This general view shows the damaged local city hall of Kharkiv on March 1, 2022, destroyed as a result of Russian troop shelling. - The central square of Ukraine's second city, Kharkiv, was shelled by advancing Russian forces who hit the building of the local administration, regional governor Oleg Sinegubov said. Kharkiv, a largely Russian-speaking city near the Russian border, has a population of around 1.4 million. (Photo by Sergey BOBOK / AFP) (Photo by SERGEY BOBOK/AFP via Getty Images)
Damaged local city hall of Kharkiv on March 1, 2022, destroyed as a result of Russian troop shelling. Kharkiv, a largely Russian-speaking city near the Russian border, has a population of around 1.4 million. (Getty Images)

On Monday night senior Conservative MP, David Davis, told ITV's Peston that more than half a million refugees coming to the UK from Ukraine would be a "fair share".

"The best estimate so far, is there's going to be something like four million? I think it could be five or six," said Davis.

"Our fair share of that is a million maybe, yes. Might be 700,000... that sort of order.

"And what's going to be happening, I suspect, behind the scenes, is a lot of talking to other European countries and essentially dividing up the load - and that... I think, is perfectly reasonable."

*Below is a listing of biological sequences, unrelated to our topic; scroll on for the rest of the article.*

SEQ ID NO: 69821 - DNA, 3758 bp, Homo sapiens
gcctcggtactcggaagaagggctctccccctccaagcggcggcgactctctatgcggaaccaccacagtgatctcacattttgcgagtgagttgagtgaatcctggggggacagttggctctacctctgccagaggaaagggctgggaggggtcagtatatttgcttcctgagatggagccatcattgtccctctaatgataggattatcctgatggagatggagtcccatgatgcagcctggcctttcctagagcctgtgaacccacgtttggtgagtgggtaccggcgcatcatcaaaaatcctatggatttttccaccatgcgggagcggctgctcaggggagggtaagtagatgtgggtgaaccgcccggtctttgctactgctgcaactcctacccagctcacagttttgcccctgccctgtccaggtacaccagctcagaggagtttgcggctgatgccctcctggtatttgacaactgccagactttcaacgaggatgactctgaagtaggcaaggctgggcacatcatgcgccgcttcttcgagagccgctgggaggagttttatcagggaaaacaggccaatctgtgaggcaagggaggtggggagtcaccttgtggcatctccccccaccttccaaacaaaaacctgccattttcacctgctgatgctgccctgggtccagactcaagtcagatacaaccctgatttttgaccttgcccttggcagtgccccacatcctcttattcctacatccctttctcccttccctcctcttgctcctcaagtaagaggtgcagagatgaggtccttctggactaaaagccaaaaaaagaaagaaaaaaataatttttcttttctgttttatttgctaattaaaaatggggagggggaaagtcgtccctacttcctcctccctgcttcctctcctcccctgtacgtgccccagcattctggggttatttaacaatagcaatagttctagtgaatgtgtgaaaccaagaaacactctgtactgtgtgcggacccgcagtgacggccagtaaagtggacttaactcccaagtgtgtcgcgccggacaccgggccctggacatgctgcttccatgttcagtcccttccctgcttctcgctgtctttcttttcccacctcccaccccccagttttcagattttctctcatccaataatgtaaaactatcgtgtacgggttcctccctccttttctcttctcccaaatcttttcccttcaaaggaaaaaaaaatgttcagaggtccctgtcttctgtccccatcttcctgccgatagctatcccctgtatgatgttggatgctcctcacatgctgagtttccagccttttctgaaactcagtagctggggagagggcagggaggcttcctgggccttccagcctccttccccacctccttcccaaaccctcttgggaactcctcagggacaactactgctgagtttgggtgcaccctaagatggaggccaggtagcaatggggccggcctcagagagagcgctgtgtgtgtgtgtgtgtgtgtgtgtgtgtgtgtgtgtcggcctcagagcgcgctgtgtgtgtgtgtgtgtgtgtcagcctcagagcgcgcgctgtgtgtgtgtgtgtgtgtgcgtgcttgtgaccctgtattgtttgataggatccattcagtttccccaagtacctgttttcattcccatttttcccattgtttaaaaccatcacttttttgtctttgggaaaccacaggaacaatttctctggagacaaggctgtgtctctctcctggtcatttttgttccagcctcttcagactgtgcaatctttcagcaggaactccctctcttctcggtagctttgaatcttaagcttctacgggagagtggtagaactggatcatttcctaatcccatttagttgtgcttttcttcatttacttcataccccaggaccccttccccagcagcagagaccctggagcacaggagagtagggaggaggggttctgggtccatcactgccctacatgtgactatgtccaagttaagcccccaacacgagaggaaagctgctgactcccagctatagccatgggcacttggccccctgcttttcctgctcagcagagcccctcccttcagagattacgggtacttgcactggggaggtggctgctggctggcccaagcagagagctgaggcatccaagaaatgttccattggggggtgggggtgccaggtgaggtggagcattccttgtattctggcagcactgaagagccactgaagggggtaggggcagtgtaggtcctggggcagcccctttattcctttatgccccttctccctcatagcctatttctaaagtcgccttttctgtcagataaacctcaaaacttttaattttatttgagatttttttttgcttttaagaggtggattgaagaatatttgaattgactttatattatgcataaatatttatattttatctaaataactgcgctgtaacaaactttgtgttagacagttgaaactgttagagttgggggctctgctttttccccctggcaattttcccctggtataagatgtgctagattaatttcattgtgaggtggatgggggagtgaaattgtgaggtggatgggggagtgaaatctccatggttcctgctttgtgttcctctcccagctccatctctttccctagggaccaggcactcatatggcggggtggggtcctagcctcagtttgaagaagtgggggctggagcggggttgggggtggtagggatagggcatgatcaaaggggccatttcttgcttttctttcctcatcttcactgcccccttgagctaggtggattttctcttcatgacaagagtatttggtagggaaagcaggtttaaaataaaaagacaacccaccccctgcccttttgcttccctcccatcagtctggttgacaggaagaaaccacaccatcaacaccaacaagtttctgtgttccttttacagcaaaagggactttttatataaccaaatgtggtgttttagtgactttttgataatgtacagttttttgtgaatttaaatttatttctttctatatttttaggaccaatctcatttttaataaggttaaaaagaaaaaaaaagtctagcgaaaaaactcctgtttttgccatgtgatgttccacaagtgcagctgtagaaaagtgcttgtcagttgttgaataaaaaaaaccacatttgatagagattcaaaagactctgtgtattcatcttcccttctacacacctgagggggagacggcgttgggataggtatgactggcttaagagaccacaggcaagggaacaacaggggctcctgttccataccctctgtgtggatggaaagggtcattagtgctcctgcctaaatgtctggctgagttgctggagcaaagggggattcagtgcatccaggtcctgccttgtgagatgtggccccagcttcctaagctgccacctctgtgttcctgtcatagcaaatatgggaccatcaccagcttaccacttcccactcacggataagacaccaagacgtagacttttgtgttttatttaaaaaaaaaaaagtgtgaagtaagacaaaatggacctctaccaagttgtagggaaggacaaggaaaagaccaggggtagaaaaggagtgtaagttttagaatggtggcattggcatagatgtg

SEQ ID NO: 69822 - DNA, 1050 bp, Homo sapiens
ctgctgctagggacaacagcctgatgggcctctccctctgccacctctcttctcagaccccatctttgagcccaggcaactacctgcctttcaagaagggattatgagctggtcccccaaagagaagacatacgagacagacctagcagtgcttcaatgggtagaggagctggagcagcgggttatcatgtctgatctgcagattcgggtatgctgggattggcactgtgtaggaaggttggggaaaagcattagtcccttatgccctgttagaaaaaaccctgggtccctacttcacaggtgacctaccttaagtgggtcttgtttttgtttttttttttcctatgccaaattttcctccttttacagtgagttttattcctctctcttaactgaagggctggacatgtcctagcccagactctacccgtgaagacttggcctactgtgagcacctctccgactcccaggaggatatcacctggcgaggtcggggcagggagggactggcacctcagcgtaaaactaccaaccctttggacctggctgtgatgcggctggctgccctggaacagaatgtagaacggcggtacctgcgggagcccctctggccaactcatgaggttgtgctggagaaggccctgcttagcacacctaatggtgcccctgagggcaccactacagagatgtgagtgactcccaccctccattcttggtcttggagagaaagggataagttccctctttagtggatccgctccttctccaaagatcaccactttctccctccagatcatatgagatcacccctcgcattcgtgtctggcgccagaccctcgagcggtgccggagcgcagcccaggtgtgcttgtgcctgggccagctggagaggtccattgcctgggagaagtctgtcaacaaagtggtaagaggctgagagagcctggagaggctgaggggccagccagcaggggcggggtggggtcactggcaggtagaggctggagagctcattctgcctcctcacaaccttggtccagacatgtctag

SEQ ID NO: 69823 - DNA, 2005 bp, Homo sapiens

The home secretary has insisted she is liaising with countries neighbouring Ukraine about the crisis and that more announcements will be made "in the next few days".

"We're working with the Ukrainian government, and also we're working with governments in the region to understand what they need, what kind of support the people of Ukraine need as well - in terms of leaving Ukraine, where they're going to go, and basically reuniting family members," Patel said.

Read more: Ukraine crisis: Russian advance on Kyiv 'makes little progress over 24 hours'

UZHHOROD, UKRAINE - FEBRUARY 27, 2022 - A woman holds a dog at the Uzhhorod-Vysne Nemecke checkpoint on the Ukraine-Slovakia border, Zakarpattia Region, western Ukraine. (Photo credit should read SerhiiHudak/ Ukrinform/Future Publishing via Getty Images)
A woman holds a dog at the Uzhhorod-Vysne Nemecke checkpoint on the Ukraine-Slovakia border, Zakarpattia Region, western Ukraine. (Getty Images)